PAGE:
Upcoming G-8 summit should tackle anti-poverty
Upcoming G-8 summit should tackle, not debate, anti-poverty goals – UN official
The head of the United Nations Development Programme (UNDP) said today he hoped the leaders of the eight most industrialized countries meeting next week in Evian, France, would be discussing not whether to address the anti-poverty goals of the 2000 Millennium Summit and development, but how they could resolve them.
“There is a big world out there and a lot more is going on beyond the important issues of Iraq and terrorism. There’s a much broader, other security agenda out there, related to global poverty,” UNDP Administrator Mark Malloch Brown told a press briefing at UN Headquarters in New York.
“We, with the cooperation of the French hosts at Evian, have prepared an extremely subversive document which will be on the seat of every G-8 leader when they sit down at Evian, which is a benchmarking of where we are towards achieving the Millennium Development Goals (MDGs), adopted here in the year 2000, by 2015,” he added.
The G-8, comprising Canada, France, Germany, Italy, Japan, Russian Federation, the United Kingdom and the United States, is set to meet in Evian from 1 to 3 June.
The MDGs seek to combat such issues as poverty, hunger, illiteracy, environmental degradation and discrimination against women within a set time frame. “What we are seeking with this document is to remind the international community that something very important has been begun since the Millennium Assembly of 2000 and that must not be derailed by current events,” Mr. Malloch Brown added.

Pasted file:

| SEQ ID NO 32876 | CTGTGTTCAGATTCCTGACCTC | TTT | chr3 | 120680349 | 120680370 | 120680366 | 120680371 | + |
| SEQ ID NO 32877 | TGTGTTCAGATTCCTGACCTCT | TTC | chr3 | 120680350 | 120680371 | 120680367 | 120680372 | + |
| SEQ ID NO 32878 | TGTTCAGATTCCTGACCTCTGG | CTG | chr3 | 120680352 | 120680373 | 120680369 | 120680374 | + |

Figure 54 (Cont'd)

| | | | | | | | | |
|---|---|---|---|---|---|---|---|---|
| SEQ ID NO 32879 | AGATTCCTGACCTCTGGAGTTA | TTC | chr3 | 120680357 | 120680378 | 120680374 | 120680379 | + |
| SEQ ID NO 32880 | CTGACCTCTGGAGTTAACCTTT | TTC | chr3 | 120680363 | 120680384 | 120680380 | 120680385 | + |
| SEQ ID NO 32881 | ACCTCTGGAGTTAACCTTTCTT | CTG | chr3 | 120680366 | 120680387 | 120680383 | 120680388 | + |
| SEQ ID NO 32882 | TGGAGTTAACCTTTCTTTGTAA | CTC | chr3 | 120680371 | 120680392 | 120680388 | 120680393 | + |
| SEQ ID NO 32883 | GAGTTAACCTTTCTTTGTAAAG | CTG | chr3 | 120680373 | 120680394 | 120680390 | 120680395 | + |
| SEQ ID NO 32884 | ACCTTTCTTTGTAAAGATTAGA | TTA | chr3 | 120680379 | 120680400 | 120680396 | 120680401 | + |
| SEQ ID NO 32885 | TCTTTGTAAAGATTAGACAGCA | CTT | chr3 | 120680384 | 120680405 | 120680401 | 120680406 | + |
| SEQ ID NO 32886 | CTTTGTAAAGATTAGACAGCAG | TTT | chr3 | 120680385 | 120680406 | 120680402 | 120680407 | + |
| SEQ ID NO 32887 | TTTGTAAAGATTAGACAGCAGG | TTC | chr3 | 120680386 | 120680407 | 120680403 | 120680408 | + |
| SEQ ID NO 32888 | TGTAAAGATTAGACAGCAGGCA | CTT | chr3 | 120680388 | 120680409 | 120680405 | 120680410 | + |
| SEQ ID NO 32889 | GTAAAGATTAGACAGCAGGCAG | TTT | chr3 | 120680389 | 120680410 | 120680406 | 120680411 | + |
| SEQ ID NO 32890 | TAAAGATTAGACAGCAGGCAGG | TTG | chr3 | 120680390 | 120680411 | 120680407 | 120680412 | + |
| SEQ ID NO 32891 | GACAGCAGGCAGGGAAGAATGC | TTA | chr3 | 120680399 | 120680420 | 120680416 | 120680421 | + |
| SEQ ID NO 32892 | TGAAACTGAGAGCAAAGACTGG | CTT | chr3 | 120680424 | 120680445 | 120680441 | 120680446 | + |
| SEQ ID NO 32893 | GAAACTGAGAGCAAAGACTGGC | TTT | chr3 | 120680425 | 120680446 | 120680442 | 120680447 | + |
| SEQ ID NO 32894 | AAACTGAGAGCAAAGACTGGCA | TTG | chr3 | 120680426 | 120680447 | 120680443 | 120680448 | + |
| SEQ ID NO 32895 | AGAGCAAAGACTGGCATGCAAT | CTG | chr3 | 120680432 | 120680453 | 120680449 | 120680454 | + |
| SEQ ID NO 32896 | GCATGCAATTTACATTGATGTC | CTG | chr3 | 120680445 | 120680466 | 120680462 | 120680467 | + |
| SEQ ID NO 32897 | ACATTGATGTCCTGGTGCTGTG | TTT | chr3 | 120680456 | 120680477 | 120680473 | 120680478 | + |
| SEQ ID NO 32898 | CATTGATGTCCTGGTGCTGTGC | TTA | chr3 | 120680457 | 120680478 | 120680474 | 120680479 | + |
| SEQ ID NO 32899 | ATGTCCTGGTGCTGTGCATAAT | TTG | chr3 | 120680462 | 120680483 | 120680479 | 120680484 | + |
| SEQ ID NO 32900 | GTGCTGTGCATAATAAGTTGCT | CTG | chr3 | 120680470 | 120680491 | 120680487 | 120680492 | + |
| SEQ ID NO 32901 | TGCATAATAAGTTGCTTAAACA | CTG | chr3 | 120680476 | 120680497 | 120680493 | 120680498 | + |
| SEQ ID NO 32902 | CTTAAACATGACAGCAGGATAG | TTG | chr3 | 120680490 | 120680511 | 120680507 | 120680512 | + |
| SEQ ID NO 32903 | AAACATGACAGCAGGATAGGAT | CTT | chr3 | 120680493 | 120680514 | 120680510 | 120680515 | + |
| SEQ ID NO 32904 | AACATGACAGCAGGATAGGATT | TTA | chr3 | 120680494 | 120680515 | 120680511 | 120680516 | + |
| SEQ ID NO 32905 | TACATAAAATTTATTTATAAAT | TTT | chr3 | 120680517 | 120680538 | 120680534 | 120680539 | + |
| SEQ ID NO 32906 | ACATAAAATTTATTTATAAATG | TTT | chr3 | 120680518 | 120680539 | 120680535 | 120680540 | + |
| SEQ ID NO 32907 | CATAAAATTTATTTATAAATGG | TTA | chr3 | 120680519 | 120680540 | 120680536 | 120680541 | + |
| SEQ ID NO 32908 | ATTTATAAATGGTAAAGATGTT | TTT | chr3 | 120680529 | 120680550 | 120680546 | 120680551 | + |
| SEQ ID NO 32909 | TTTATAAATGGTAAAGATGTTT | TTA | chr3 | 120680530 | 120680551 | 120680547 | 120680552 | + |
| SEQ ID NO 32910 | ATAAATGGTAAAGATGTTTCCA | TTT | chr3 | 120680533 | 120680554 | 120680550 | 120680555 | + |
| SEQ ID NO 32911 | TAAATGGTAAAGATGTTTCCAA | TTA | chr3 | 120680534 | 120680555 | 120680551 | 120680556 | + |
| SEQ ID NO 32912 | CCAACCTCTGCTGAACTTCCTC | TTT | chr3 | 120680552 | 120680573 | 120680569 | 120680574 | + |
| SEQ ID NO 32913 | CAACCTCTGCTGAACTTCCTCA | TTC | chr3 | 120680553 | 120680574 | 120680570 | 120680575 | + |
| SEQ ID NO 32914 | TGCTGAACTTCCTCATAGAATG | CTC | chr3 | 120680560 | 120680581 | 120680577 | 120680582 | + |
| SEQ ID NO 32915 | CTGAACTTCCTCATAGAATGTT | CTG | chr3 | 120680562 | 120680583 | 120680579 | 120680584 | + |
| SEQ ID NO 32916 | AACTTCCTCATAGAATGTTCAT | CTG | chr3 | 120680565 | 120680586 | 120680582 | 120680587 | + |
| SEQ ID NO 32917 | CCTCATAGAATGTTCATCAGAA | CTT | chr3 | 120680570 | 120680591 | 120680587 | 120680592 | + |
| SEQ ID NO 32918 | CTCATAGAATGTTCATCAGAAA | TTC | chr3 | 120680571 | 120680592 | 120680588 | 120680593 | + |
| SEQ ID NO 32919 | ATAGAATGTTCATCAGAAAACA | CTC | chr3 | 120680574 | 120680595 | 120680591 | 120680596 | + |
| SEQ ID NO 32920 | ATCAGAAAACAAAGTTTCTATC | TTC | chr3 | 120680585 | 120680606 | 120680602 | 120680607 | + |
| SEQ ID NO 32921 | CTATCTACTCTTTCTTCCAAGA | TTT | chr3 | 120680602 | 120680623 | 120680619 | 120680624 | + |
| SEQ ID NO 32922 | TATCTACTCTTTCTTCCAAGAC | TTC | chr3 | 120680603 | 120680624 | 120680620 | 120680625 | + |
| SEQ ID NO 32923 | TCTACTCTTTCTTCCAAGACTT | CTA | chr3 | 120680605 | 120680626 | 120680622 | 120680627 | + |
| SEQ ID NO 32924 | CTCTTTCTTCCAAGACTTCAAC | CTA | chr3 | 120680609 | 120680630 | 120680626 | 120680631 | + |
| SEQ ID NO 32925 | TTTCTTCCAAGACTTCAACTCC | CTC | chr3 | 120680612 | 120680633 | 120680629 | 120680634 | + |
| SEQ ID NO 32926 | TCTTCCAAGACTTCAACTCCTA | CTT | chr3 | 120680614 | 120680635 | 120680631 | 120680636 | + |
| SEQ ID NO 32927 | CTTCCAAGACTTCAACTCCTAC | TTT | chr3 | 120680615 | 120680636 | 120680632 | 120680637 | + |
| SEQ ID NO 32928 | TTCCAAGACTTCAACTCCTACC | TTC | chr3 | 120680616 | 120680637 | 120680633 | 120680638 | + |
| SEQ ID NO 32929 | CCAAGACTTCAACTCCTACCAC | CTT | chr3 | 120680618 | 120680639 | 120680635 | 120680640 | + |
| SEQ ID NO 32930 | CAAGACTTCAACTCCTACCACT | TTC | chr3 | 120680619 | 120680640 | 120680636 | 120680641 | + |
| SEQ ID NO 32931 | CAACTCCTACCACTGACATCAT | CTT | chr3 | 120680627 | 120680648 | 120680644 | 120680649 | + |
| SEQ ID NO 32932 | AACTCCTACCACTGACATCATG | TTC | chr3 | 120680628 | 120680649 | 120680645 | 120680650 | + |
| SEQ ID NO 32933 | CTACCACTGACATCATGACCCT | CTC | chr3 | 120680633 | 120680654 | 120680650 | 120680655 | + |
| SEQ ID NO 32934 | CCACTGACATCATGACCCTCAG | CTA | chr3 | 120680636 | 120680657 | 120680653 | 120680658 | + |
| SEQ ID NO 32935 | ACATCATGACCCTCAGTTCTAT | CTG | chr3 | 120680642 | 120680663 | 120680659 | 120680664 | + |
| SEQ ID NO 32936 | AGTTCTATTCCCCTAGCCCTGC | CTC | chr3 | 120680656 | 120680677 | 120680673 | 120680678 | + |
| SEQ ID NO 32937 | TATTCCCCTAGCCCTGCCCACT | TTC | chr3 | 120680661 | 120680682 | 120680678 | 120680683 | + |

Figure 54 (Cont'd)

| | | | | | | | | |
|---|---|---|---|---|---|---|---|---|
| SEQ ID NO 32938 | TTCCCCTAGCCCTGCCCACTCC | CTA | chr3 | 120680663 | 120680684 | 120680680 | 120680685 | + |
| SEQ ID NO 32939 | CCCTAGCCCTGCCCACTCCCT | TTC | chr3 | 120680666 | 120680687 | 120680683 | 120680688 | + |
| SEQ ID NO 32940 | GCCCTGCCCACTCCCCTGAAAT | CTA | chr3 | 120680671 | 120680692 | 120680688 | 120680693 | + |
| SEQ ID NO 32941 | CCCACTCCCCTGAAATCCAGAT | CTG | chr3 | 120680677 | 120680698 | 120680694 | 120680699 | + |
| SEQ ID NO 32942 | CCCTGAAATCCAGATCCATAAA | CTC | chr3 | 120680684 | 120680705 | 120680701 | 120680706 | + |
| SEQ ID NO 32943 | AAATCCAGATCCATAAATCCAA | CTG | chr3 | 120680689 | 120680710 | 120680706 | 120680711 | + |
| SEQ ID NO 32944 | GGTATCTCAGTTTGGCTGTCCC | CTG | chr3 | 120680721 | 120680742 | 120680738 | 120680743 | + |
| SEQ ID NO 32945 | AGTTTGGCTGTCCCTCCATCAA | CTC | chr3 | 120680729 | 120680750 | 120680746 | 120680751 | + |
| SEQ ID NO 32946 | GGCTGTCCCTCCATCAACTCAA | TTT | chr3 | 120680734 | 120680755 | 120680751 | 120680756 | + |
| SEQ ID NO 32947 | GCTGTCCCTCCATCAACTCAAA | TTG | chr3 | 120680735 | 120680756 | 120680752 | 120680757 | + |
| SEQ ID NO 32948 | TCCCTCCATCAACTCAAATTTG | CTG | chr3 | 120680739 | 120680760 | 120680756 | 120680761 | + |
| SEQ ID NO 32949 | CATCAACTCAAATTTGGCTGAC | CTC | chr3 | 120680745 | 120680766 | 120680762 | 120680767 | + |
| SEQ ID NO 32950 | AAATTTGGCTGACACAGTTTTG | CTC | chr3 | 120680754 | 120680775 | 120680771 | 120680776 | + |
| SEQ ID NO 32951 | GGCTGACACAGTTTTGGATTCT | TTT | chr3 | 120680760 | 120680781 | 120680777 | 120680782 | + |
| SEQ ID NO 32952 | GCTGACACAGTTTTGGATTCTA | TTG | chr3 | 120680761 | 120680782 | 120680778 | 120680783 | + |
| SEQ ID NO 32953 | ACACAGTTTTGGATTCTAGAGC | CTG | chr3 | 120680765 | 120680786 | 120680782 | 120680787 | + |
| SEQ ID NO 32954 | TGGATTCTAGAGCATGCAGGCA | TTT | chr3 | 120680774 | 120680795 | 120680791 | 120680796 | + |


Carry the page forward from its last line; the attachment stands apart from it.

He said momentum could not be taken for granted after the Millennium Summit and subsequent meetings in Monterrey, Mexico, and Johannesburg, South Africa, which reflected a consensus about working together – North and South – to attack these global problems.
“Of course, in recent months, press commentary has inevitably and understandably shifted from this agenda to one very much around Iraq, and the word on everybody’s lips in terms of characterizing this new world we’re operating in is focussed very much on unilateralism,” Mr. Malloch Brown declared. “But many of us would argue that shouldn’t overshadow at least as important a trait of the current international political economy – and that is interdependence.”
Recent developments, he said, had underscored this interdependence, such as migrations from the South, with immigration issues impacting on elections in Europe, and infectious diseases like the newly emergent and deadly Severe Acute Respiratory Syndrome (SARS), which respect no borders.
“And so, we have seen a growing global constituency focussed on both the concept that your security is my security in the global sense, your welfare is my welfare, that global poverty in one part of the world is a threat to peoples in other parts of the world, a physical security threat, a health threat, an economic threat in terms of lost world growth,” he said.